I was introduced to Pulp one afternoon in 1995, while watching a mate's telly, when I saw a pint-sized Jarvis Cocker being pushed down a DayGlo supermarket aisle in a trolley steered by Sadie Frost. My friend picked up on my lack of recognition and said, "Mate, that's Pulp, they're brilliant". He then loaned me a copy of His 'N Hers and gave me a brief lecture about how clueless I was not to have discovered the band on my own. After becoming aquainted with the band's back catalogue, I felt a bit better - my friend had described His 'N Hers as Pulp's debut. He wasn't aware that Cocker had been fronting various line-ups of Pulp since 1979.
I only mention all this because it seems weird to think of Pulp struggling along in anonymity for such a long time. These days, the band is practically a national institution; they're recognized as one the finest pop bands of their era, their songs are in nearly every pub jukebox in the land, and Jarvis Cocker going off on one on his MySpace warrants news coverage. Still, for over a decade, practically no one outside of Sheffield knew who the hell they were.
His 'N Hers is the album that changed all that. Just over ten years since it first dropped into circulation, Island has seen fit to release it in deluxe format, along with Different Class (review) and This Is Hardcore (review). His 'N Hers put the band on the mainstream radar, and not just because it's a pretty awesome (albeit slightly dated) release in its own right.
The musical landscape that His 'N Hers flounced into in 1994 saw grunge die alongside the rise of the Britpop A-list. In the past, British guitar-driven bands were tagged as indie and would usually pitch up in the charts somewhere around #32, disappearing a week later. One year on from a cover story from Select (God, remember Select?) that screamed "Yanks Go Home!" above Brett Anderson flexing in front of a Union Jack, and these same bands were being re-branded 'Britpop' and charting in the top ten. This was the year Blur and Oasis released their strongest albums to date, and Pulp went from being unknowns to genuine contenders for the Britpop crown.
Of course, the part Jarvis Cocker played in all this cannot be overstated. What sold Pulp to the masses was the fact that Cocker’s lyrical turf was basically what happened every day in the lives of the members of his audience. His brilliant articulation and keen insight into their existences marked him out as the genuine article; he was his fans’ cynical observer and their eager accomplice. His lyrics were by turns wry, witty and downright brutal, and the stories and sketches were all shot through with a stone-cold honesty. Cocker is, in short, one of the finest lyricists to emerge from pop music of the last two decades and back in 1994, with ten years already on the clock, there wasn’t anyone who could touch him.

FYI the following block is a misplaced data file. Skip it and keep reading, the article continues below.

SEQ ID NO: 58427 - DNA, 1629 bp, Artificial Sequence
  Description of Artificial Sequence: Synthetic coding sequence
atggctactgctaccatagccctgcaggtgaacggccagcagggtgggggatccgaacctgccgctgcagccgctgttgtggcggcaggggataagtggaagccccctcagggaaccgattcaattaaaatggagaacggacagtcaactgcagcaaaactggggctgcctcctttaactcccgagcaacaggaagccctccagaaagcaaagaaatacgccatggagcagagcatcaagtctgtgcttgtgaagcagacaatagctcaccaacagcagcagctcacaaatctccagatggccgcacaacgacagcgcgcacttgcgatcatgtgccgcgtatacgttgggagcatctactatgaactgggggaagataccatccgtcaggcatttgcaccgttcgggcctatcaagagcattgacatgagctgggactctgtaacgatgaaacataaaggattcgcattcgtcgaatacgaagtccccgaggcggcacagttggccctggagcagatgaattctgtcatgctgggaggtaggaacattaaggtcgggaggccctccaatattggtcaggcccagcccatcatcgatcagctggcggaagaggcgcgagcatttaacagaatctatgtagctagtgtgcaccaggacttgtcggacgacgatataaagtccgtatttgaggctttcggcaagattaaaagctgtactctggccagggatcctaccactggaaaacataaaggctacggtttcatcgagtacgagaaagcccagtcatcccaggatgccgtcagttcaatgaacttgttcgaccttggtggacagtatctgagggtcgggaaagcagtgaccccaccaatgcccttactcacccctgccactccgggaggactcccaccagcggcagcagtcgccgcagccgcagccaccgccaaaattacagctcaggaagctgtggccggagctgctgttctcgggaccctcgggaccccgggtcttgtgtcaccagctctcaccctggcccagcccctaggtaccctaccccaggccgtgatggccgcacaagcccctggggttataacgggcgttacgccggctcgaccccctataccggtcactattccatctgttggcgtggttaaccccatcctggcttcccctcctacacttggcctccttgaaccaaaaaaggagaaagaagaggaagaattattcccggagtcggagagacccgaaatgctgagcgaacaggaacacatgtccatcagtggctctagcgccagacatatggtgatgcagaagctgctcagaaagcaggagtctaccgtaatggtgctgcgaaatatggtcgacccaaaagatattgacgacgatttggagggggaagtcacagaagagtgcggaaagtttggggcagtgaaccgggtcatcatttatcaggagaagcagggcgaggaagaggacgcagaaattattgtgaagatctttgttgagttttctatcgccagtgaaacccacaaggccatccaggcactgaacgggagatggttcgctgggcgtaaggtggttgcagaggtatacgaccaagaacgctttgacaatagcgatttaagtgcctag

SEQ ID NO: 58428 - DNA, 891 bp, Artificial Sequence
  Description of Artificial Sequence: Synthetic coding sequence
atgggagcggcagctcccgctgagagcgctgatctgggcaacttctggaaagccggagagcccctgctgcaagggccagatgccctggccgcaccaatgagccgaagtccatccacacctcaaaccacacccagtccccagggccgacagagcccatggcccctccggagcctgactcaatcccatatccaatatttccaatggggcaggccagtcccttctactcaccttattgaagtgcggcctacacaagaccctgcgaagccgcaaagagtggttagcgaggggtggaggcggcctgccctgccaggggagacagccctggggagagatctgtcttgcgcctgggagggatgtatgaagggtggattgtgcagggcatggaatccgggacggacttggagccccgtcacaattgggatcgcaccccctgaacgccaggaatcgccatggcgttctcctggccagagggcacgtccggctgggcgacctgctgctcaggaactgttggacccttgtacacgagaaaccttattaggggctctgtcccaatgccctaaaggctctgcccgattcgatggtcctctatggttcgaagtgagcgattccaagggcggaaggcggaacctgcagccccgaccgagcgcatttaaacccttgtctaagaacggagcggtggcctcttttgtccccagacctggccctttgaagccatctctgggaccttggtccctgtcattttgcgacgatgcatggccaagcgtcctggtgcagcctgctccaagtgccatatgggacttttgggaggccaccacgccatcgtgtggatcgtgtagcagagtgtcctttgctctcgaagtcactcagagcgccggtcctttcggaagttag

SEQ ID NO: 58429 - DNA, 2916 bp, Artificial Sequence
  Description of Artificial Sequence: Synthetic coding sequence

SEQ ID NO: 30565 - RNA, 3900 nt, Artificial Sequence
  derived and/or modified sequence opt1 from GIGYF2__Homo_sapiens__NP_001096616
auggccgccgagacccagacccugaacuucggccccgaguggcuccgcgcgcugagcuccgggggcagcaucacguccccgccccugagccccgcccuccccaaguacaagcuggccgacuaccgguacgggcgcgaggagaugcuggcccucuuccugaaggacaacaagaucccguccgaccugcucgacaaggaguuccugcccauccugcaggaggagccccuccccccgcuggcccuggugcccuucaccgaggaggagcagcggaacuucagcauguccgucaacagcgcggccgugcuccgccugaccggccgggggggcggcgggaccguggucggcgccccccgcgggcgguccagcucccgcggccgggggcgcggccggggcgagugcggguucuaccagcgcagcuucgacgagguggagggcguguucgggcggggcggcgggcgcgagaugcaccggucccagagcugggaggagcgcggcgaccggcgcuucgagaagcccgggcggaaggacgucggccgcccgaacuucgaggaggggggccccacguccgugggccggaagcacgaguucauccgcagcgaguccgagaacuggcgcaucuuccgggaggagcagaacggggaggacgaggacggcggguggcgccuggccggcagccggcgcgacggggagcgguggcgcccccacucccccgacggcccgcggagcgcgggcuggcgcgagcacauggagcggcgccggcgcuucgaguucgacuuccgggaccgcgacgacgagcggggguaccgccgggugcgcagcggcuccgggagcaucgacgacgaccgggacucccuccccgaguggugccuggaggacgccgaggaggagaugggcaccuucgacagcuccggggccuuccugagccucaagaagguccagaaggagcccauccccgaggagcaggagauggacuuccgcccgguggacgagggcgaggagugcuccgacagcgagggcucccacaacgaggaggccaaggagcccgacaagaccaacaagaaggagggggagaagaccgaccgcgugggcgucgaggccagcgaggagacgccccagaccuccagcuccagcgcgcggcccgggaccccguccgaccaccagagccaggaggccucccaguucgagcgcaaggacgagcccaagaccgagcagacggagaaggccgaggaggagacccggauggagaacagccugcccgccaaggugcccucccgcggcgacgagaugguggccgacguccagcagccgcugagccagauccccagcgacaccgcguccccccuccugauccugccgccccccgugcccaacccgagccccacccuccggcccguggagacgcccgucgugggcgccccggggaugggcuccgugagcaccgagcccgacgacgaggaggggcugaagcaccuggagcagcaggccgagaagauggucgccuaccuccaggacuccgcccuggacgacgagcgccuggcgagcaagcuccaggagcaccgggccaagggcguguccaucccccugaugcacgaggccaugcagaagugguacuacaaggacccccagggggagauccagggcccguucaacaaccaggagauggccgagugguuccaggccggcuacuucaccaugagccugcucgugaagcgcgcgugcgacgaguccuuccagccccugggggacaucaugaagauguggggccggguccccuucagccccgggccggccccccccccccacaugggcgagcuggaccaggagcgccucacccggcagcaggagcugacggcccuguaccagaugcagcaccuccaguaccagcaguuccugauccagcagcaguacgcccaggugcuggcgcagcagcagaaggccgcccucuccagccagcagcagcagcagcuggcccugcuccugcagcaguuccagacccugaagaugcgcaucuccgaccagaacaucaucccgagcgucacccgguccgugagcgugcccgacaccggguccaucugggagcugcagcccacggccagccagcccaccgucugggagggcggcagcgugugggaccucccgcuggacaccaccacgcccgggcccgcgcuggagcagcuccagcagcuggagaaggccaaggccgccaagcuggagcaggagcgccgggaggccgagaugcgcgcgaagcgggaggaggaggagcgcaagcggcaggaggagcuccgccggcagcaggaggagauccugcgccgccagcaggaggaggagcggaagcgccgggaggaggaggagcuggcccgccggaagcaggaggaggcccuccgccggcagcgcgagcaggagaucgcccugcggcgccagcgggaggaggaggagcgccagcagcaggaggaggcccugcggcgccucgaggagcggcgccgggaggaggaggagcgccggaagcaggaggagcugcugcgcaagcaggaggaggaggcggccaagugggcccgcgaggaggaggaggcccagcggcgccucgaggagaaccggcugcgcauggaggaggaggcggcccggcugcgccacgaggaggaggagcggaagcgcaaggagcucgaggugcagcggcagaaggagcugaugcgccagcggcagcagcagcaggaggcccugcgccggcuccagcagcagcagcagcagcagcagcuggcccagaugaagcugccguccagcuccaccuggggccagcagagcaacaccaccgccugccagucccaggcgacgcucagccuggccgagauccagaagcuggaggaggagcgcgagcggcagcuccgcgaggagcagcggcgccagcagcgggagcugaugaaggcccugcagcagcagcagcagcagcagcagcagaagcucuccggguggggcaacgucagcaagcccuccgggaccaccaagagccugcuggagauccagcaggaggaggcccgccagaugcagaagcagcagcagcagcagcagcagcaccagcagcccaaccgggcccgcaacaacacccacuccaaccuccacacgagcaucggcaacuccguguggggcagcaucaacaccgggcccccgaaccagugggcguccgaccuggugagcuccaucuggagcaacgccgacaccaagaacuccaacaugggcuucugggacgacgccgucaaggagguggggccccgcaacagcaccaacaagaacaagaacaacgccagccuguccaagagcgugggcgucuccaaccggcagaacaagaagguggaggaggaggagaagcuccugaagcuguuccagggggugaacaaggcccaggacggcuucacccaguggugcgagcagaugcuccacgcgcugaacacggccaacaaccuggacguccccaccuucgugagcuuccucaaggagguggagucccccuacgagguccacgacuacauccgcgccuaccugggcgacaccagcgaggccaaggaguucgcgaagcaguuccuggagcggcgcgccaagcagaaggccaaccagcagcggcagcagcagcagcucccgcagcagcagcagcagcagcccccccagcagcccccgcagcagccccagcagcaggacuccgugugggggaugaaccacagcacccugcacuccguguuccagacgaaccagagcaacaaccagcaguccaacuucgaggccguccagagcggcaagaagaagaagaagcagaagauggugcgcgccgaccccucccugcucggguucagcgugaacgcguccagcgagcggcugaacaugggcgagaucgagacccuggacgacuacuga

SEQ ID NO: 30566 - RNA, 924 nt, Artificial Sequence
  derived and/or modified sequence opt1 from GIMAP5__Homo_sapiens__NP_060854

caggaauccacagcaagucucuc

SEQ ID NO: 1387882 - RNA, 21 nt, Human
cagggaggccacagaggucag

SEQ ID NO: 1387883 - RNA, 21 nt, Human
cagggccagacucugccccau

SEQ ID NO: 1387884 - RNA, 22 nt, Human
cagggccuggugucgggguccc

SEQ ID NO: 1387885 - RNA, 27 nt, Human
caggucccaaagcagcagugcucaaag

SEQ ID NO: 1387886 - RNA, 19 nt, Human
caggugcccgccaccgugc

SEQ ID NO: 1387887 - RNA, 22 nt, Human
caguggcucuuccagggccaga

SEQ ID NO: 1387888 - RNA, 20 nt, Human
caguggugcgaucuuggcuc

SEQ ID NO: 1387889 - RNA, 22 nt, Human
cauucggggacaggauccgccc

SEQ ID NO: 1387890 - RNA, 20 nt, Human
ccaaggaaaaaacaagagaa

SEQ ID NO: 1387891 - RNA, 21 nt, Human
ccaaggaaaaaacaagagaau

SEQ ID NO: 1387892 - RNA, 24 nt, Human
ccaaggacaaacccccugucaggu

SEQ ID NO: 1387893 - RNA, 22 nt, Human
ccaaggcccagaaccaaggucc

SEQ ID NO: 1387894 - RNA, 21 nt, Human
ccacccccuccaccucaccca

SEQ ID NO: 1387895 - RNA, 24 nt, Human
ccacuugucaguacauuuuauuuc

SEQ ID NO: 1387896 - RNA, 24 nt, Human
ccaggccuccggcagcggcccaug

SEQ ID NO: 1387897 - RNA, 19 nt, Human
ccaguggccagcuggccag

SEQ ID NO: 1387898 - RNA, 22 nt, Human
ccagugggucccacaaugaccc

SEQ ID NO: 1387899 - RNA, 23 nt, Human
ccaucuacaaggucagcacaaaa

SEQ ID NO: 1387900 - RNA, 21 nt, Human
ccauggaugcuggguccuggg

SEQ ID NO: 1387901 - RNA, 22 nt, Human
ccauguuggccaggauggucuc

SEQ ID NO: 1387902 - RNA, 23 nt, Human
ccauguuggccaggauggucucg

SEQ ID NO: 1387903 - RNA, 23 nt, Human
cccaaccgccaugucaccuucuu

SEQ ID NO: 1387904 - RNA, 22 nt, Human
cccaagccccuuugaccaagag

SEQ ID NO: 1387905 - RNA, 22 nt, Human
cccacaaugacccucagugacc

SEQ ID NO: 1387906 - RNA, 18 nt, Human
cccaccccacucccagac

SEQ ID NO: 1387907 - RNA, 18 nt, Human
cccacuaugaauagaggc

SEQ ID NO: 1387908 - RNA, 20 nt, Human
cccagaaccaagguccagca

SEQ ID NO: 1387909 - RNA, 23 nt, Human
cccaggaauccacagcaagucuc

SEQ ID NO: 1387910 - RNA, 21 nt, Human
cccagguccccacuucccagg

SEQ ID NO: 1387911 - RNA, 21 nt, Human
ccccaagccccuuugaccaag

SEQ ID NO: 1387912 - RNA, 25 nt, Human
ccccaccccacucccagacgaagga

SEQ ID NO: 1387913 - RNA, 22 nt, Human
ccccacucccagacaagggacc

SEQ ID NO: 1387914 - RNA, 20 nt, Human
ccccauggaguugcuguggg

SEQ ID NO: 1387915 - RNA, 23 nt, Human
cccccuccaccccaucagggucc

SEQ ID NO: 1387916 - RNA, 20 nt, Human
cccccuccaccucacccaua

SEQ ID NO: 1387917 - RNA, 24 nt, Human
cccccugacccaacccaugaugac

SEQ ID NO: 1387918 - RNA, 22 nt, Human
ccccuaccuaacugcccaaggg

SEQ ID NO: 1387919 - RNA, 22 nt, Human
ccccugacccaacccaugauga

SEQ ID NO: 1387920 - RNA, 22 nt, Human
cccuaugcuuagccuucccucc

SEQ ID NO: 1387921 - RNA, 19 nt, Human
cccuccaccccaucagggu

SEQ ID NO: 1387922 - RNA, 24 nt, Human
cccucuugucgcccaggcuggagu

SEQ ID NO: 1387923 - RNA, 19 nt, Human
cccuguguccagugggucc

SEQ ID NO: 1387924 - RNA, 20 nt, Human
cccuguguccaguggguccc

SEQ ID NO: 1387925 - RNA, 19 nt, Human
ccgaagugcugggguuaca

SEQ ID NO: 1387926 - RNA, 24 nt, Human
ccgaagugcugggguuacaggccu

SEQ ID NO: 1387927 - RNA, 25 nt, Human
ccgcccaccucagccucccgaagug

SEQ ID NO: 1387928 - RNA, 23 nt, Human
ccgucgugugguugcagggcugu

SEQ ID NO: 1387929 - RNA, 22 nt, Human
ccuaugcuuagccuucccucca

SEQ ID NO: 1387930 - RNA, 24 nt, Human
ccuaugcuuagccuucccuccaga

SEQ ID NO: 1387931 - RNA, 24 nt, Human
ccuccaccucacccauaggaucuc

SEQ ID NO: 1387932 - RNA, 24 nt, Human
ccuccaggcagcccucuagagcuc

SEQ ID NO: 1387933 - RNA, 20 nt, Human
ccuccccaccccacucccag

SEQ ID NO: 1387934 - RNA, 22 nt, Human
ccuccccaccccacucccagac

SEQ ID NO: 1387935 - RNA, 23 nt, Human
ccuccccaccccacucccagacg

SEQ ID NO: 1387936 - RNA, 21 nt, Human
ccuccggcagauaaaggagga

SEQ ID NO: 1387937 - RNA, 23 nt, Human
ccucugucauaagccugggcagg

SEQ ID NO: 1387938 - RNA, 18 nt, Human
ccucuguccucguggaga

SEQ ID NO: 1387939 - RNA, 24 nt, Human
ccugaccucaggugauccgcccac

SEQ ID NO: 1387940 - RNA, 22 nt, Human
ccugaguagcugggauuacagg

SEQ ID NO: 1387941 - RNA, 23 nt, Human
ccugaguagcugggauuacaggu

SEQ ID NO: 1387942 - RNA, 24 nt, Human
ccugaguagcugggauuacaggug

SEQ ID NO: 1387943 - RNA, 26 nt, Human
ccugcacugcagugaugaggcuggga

Twelve years on from its original release, it's understandable why His 'N Hers generated such a buzz for the band that created it; it’s a sparkly, hook-laden pop-music score to a pretty grimey slice of teenage life. Two of the singles it rode in off the back of could be seen as the manifesto for the disc – the soaring ode to voyeuristic lust, 'Babies', and the most gorgeously spiteful kiss-off ever put down on record, 'Do You Remember The First Time?'. Both come packed with stunning guitar lines and swoon-worthy synths, as well as Cocker’s usual unblinking candor ("Still, you’ve bought a toy that can reach the places he never goes," he sneers at an ex he’s trying to bed). Other highlights include the bombastic, choppy opener 'Joyriders'; the frantic, paranoid 'Acrylic Afternoons'; and, even though it seems a little dated, 'Pink Glove', which sounds a bit like Pulp soundtracking the end credits of a John Hughes film.
Of course, with most deluxe editions, there is always the suspicion that the re-packaging is an attempt to loot the fans’ bank accounts, and there is a slight element of that here. A lot of the unreleased songs sound more like blueprints for tracks that ended up on the main album; they demonstrate how rapidly the band was developing its sound at the time. The best songs on the bonus disc are already in circulation and top among them is 'Deep Fried In Kelvin'. This is the real gem of the bunch, a lush, sprawling, epic lounge-act of a song with Cocker alternately cooing and deadpanning hilariously throughout ("Oh yeah? We can have ghettos too, except we use air rifles instead of machine guns! Stitch that!"). While die-hards may already own a lot of this material, the bonus disc goes more than some way towards justifying the inflated price tag if you’re new to the group or a casual admirer.
His 'N Hers hasn't aged as well as Different Class or This Is Hardcore (review), but that doesn't stop it being a great record in its own right. It's a rare beast indeed - an unrepentantly light pop album that happens to be more street-savvy than half the hip-hop acts out there.
While it may not reach the lofty heights of the albums that followed it, His 'N Hers was an important step forward for a band that had languished in obscurity for far too log. This album didn’t make Pulp household names, but it did act as their ticket to the big leagues. The UK never knew what hit it, coming straight outta Sheffield...
8Nick Cowen's Score